Faculty Detail

Lydia Bieri

Associate Professor

5862 East Hall
Phone:  (734) 763-7867

  • Affiliation(s)
    • Analysis
      Applied Mathematics
      Differential Equations
      Geometry and Topology
  • About

    Personal Home Page

    My research interests are primarily in general relativity theory, nonlinear partial differential equations, geometric analysis and differential geometry. More specifically, my research focuses on the Einstein equations in general relativity (GR). These equations govern the geometry of spacetime and thereby the phenomenon of gravitation. They constitute the physical laws of our universe. In particular, they exhibit a rich geometric structure that one has to reveal in order to answer questions from physics. GR is a rich source of many nonlinear hyperbolic and other problems in pde.

    Among the many questions one would like to know under what conditions are galaxies and other astrophysical objects stable? When do singularities like black holes occur and what are the structures of these? I have been investigating global solutions to the Einstein equations and have studied the geometry of the solution spacetimes. A major goal in general relativity is to describe exactly spacetimes which do not collapse and form black holes. I have examined the geometry of spacetimes which are global solutions of the Einstein vacuum equations. I have studied, which type of initial data prescribed on a 3-dimensional spacelike manifold yields a complete, unique, global solution, namely a 4-dimensional spacetime manifold, with physically interesting properties. Thereby I have established sharp conditions on the decay of the data for the nonlinear stability to hold. Another major goal of general relativity and astrophysics is to precisely describe and finally observe gravitational radiation, one of the predictions of GR. Together with my collaborators I have derived the nonlinear electromagnetic Christodoulou memory effect of gravitational waves. The latter exhibit a nonlinear memory displacing test masses permanently. This nonlinear effect is named after Demetrios Christodoulou who found it in 1991 in the Einstein vacuum case. I have been working on many aspects of the Einstein equations. Further, I am very interested in problems arising in the analysis of other nonlinear hyperbolic partial differential equations. My research investigates the rich interplay of mathematics with physics and astrophysics.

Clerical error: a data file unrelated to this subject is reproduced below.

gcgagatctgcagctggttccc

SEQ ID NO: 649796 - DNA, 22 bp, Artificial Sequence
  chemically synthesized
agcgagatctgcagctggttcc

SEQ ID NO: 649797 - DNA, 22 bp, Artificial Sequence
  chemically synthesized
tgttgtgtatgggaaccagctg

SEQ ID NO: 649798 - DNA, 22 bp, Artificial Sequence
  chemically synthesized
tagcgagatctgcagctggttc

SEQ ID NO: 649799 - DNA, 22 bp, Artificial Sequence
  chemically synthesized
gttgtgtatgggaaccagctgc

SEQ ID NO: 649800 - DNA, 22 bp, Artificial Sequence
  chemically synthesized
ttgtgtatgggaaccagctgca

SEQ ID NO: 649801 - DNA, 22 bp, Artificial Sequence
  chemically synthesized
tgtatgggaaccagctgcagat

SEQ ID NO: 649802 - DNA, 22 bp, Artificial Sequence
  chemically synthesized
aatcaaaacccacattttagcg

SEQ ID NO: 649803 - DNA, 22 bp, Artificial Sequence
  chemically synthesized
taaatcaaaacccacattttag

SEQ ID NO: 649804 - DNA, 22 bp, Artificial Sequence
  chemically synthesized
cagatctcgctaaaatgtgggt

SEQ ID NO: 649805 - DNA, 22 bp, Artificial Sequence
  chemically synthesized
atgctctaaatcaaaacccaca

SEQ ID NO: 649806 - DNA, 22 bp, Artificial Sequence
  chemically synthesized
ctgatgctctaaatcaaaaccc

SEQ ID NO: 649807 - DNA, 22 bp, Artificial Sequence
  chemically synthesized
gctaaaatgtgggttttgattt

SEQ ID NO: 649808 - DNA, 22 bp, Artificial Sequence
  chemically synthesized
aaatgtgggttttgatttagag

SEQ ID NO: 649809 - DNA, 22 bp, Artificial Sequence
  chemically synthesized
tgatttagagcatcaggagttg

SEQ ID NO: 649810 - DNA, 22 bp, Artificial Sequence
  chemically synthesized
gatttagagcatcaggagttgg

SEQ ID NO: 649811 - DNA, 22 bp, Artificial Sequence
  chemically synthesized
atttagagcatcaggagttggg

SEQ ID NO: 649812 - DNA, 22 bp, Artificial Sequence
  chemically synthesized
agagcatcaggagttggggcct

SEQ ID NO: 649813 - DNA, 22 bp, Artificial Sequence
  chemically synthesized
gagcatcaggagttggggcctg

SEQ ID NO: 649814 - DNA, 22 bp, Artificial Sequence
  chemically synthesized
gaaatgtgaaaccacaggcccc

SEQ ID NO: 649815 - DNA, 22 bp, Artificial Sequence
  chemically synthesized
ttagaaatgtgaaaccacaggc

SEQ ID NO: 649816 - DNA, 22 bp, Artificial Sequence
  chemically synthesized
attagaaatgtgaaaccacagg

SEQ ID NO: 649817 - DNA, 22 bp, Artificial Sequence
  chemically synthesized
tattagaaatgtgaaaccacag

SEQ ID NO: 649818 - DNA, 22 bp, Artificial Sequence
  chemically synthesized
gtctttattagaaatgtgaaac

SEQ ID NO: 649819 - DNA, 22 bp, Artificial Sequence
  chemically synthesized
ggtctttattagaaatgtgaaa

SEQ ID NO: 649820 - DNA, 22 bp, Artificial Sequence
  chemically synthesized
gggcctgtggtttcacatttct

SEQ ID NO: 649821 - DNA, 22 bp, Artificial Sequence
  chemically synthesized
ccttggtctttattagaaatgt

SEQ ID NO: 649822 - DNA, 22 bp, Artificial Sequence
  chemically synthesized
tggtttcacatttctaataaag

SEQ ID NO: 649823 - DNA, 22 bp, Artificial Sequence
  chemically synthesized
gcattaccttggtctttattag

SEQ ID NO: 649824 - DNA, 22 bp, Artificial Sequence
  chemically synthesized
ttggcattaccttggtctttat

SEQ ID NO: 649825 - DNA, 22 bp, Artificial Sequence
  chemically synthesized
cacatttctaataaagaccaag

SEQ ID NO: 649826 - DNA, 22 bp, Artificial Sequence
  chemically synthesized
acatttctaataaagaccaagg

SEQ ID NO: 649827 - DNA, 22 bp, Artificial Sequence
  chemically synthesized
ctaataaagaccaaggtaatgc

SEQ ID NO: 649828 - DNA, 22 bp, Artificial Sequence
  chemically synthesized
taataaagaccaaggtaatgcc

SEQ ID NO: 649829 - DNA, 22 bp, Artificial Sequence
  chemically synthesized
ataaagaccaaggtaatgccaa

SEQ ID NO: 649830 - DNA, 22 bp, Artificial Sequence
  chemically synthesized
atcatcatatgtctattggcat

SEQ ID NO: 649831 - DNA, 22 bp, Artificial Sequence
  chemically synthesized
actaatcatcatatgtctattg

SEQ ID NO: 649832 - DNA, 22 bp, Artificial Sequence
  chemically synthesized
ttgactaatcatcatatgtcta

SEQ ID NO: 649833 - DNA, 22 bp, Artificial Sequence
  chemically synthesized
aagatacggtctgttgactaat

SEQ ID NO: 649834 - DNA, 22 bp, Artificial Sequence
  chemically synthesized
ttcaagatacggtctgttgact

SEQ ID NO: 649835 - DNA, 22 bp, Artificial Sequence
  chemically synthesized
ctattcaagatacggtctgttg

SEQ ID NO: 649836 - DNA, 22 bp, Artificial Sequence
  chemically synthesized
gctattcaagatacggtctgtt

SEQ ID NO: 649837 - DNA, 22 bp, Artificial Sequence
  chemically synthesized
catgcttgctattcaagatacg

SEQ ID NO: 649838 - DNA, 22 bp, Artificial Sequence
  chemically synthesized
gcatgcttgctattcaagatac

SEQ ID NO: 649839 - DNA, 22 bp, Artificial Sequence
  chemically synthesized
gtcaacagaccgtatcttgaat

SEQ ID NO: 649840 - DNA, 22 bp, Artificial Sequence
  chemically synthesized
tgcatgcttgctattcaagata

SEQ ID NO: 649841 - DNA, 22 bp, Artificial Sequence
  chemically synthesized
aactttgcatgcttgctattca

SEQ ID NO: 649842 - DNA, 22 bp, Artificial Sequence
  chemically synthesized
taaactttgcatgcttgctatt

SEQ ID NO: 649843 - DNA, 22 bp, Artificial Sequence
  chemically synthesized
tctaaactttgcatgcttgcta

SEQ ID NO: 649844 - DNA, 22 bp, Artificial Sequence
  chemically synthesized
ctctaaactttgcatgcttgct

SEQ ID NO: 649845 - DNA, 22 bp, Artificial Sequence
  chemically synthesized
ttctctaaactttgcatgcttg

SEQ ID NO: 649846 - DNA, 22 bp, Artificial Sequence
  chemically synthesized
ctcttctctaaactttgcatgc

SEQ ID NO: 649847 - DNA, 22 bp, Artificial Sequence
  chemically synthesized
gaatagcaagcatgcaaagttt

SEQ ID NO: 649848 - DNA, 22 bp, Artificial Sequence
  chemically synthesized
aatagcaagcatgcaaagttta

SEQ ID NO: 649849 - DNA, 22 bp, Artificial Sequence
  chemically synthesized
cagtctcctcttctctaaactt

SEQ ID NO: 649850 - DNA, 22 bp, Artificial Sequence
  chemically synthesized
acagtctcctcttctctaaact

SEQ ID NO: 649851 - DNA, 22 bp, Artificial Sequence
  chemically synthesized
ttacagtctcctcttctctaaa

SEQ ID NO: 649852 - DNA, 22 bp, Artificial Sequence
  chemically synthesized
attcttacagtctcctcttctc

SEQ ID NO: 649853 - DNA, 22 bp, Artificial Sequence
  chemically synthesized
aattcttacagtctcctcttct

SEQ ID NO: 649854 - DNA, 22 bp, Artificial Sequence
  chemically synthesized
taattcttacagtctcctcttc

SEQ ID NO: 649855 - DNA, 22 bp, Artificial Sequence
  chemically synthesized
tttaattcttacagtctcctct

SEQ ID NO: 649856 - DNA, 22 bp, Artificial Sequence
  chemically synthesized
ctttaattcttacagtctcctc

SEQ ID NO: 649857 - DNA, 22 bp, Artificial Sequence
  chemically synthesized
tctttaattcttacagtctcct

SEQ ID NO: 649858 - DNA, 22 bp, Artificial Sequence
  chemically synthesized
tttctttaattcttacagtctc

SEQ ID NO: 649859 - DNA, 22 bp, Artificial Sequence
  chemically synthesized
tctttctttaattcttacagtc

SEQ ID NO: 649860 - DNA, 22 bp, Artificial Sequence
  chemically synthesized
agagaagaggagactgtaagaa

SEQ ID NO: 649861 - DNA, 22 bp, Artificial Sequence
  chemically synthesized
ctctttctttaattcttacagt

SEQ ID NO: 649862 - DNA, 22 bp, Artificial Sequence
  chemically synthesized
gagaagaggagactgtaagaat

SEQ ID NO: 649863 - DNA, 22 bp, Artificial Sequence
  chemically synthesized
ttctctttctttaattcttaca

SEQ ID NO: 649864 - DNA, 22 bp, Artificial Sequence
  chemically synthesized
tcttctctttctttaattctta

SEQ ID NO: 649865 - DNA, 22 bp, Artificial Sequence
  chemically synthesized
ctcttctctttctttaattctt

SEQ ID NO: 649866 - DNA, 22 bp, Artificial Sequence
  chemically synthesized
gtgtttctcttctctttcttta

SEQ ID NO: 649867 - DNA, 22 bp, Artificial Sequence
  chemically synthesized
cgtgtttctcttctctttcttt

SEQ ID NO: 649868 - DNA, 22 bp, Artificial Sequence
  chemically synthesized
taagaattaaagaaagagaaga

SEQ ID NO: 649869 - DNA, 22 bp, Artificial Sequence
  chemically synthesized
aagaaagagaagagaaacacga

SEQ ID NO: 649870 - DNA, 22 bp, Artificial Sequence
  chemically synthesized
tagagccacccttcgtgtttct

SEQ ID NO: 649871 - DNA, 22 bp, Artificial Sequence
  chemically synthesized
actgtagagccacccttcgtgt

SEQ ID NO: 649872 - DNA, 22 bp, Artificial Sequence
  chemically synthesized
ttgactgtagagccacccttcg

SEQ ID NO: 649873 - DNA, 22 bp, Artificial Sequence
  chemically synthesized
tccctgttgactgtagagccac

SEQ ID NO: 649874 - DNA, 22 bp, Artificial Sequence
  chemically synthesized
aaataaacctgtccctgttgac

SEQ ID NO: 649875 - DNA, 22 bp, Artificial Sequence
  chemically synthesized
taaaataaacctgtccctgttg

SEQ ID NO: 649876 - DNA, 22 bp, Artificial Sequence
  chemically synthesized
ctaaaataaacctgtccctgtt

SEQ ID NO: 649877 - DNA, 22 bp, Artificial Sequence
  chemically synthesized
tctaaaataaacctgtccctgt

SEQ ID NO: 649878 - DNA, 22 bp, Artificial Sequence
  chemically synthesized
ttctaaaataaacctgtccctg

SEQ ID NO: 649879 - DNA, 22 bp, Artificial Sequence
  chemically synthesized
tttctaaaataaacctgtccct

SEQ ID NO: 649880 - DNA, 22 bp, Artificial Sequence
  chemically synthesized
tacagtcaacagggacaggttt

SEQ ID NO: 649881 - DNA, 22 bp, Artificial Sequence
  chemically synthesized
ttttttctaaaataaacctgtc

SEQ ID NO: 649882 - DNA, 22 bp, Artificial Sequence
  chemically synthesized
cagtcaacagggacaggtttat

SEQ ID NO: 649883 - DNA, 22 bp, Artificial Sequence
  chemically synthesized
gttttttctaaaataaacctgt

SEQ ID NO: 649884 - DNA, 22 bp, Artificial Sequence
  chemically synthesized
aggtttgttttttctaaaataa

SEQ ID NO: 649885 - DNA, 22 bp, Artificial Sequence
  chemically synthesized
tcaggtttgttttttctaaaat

Among my publications there are two books. One is a research monograph extending the stability result of Minkwoski space in general relativity for the Einstein vacuum equations, published with the American Mathematical Society - International Press. And the other book is co-authored with an astrophysicist explaining the discovery of the expanding universe, written for a broader scientific audience and published by Cambridge University Press.



    Lydia Bieri has been awarded an NSF Faculty Early Career Development (Career) Award     2013
    for her project "Geometric-Analytic Investigations of Spacetimes and their Nonlinear Phenomena." The CAREER Award is the NSF's most prestigious recognition that supports junior faculty who exemplify the role of teacher-scholars through outstanding research, excellent education and the integration of education and research within the context of the mission of their organizations.